and drink plenty of it

Traveling Them Thar Hills


Farewell to Port Orford/Cape Blanco

Our days here at Port Orford/Cape Blanco are sadly over, for this summer anyway! It was the most fun we have had in a very long time.

We met so many wonderful people from all over our beautiful state of Oregon, and also from all over the world. One thing that stands out most about this whole fabulous area, that we had the privilege of spending two months in, is the constant changing of just about everything: The weather changes frequently: the sun peeks out, the fog rolls in, the sky is the most vivid blue you will ever see, then a blanket of fog rolls in. In Oregon we like to say “if you don’t like the weather, wait 5 minutes”. Our front yard, that fabulous stretch of beach, changed from tide to tide, it was never the same beach two days in a row. Every day we had a new group of visitors to the museum and the lighthouse, there was hardly ever a dull moment! The people we have enjoyed the most are the ones who attentively listen to the history stories that we relate, and it was always a joy to see happy, modern families bringing their children to see how people lived in the past. Many people left their tour very pleased, and appreciative of what they had learned, and the great thing is that we learned from people as well! Also many people thanked us for providing the opportunity to see fabulous things like our Cape Blanco light house. Michelle and I thank our great Oregon Park system for giving us this opportunity to be of service!

When we arrived, the first person we met was Norm, in the position
of greeter at the lighthouse. He filled us in on what it was like to be a host and what the duties entailed, and let us know just how much he and his wife enjoyed being there.
We had our orientation with Greg Ryder and really appreciated Greg’s enthusiasm for his position of Park Ranger in charge of the interpretive programs.
We then left the classroom part of the orientation and headed to the Lifeboat Museum, we met Pete Rasmussen, a Cape Blanco Heritage Society member. Pete filled us in on our duties
to run the museum, we started a day or two later on the very busy 4th of July.
Returning to our host site, where we parked Huey for the month of July, we met park hosts Jerry and Shirley. This is when I came to the conclusion that the longer you are retired, the more you want to prove you can do good hard work, and Jerry showed just how hard one can work and enjoy every minute of it!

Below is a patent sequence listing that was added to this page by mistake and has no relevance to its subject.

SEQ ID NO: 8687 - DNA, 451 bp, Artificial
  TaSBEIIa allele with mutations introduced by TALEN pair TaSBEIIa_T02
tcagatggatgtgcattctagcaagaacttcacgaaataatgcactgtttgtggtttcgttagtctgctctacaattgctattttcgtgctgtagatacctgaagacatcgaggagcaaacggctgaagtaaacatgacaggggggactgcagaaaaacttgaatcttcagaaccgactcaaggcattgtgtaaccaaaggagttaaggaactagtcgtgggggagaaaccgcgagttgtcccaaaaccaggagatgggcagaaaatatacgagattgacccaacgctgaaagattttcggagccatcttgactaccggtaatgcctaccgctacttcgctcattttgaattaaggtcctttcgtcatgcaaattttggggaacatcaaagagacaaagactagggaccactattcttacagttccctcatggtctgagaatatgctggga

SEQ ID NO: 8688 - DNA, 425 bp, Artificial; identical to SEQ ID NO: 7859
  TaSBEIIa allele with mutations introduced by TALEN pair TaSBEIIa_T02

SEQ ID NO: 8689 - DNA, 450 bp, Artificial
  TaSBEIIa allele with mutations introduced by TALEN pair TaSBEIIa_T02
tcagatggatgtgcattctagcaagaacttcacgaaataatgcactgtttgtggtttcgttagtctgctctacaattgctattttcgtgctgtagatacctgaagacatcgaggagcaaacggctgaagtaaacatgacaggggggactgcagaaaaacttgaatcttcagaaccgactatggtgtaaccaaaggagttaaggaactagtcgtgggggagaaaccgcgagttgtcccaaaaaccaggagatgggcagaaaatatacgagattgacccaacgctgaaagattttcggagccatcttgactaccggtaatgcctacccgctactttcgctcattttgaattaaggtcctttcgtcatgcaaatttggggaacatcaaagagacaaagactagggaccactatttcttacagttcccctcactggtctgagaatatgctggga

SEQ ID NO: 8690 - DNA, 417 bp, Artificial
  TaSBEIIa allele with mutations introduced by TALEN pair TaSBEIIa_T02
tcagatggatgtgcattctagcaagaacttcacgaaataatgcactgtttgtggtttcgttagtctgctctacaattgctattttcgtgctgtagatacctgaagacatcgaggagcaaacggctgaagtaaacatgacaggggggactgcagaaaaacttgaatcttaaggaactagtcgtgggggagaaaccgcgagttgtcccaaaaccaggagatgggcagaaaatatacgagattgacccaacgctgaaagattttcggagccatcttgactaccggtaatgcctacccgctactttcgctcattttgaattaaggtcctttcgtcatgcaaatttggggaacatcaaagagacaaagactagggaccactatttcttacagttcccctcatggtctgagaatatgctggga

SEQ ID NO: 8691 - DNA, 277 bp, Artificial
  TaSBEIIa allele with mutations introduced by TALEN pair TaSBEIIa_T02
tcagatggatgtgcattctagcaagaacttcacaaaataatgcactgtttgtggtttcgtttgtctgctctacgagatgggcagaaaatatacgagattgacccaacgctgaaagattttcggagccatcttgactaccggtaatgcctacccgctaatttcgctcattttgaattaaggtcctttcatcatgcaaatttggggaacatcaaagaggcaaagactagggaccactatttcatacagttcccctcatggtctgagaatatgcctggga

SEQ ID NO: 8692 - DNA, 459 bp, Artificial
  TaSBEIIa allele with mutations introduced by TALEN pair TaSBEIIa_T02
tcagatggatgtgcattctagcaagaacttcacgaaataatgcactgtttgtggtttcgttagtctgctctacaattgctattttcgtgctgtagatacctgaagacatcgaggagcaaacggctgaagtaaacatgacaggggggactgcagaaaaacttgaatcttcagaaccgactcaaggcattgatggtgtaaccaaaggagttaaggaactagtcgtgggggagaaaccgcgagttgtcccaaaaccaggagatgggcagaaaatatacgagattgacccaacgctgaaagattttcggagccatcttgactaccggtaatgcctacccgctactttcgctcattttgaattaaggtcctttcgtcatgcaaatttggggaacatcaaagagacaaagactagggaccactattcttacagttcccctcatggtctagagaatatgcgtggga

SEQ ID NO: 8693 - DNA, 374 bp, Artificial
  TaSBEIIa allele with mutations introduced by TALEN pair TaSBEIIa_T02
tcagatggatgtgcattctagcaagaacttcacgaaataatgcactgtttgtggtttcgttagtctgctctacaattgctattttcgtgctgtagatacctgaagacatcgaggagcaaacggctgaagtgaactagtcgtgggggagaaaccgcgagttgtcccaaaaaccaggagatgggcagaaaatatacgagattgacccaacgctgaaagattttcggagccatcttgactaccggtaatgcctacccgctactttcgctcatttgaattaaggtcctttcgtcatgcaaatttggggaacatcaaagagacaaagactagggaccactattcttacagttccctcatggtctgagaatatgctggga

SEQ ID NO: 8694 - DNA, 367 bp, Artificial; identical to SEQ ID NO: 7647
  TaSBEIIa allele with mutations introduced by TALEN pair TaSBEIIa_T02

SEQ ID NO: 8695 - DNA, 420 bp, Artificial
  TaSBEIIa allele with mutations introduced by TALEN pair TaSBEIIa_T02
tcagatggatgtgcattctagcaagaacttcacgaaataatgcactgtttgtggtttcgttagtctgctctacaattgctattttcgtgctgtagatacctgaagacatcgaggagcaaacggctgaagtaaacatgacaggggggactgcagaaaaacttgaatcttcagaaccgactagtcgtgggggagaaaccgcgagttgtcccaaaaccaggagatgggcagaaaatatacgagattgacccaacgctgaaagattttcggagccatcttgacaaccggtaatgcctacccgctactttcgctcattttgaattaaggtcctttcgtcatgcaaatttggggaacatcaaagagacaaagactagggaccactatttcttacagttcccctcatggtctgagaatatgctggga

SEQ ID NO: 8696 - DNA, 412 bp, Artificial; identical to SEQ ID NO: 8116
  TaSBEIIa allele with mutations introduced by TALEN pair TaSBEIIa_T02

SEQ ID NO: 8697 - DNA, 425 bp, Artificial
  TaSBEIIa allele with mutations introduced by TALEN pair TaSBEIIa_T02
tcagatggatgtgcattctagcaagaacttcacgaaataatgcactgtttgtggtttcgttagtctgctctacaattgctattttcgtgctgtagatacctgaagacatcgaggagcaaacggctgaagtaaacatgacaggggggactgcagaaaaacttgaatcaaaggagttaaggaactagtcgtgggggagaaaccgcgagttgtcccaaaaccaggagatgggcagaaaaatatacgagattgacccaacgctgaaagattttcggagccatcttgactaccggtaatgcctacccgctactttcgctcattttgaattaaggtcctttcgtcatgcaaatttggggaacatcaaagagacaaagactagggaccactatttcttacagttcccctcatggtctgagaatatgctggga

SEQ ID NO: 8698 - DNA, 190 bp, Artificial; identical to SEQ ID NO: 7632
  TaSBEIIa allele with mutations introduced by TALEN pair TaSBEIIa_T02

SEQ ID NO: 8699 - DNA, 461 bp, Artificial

Every Monday morning, hosts volunteering in the area, as far south as Humbug Mountain, got together at the Paradise Cafe in Port Orford, that can be an experience depending on who
all is there. I guess I need to try some southern grits next time, because Norm lit up Jerry’s lights with a bowl of that southern treat at breakfast last Monday.

Visits from John and Jen, Laura and Michael, and a nice trip last
week from Chenin made our time here even better!

We have had the pleasure of meeting some very fun host couples working with us at the lighthouse and we all received complements on being a well organized and smooth operating group of tour guides!

In no particular order we will start with Ralph and Debbie. From what we where told,
they are part of the witness protection program, ha ha. Ralph retired
early as a correction officer, when asked by a camper what he did there, he said without
hesitation “he corrected things!” Ralph had a real knack for cruising the camp ground on his bicycle and getting the scoop on all the happenings in the park, AND the whole area it seems. Now Debbie has the ability to talk and knit beautiful things at the host social hours and if that isn’t enough, she can bake very yummy cookies! Fires were provided by Ralph’s excellent
firewood hunting skills. Hopefully we get the timing right in our travels to meet up with them at PIR in Phoenix in November.
Jackie and Diane are new at this roaming lifestyle like we are. They are two very cool gals who were a pleasure to hang with! I have thanked Jackie for informing me of the dangers of cooking up kale parsnips found around the lighthouse, just because the Indians did it doesn’t mean I could survive these things.
Jim and Randa have proved to be the longest story teller/ interruptive hosts; some stories I suspect are a bit of a stretch as is the story on how myrtle wood got its name!
We enjoyed dinner at Ed and Pegs house, these are people we met many moons ago in Vacaville CA, through Michelle’s sister, Pat. These two are characters, especially
Ed who collects and paints rocks. He also has a strange way of eating huckleberries, but he does know the golden rule of not picking or eating berries lower than 4 feet!

Today we are looking at the worst day of weather since being here, but the storm is nice
to watch from inside Huey; its our day off, and we do feel badly for Ralph and Debbie being the outside story teller/greeter team today. We hope this doesn’t sway them from coming back next year, we already look forward to 8 months from now for another dose of the coast.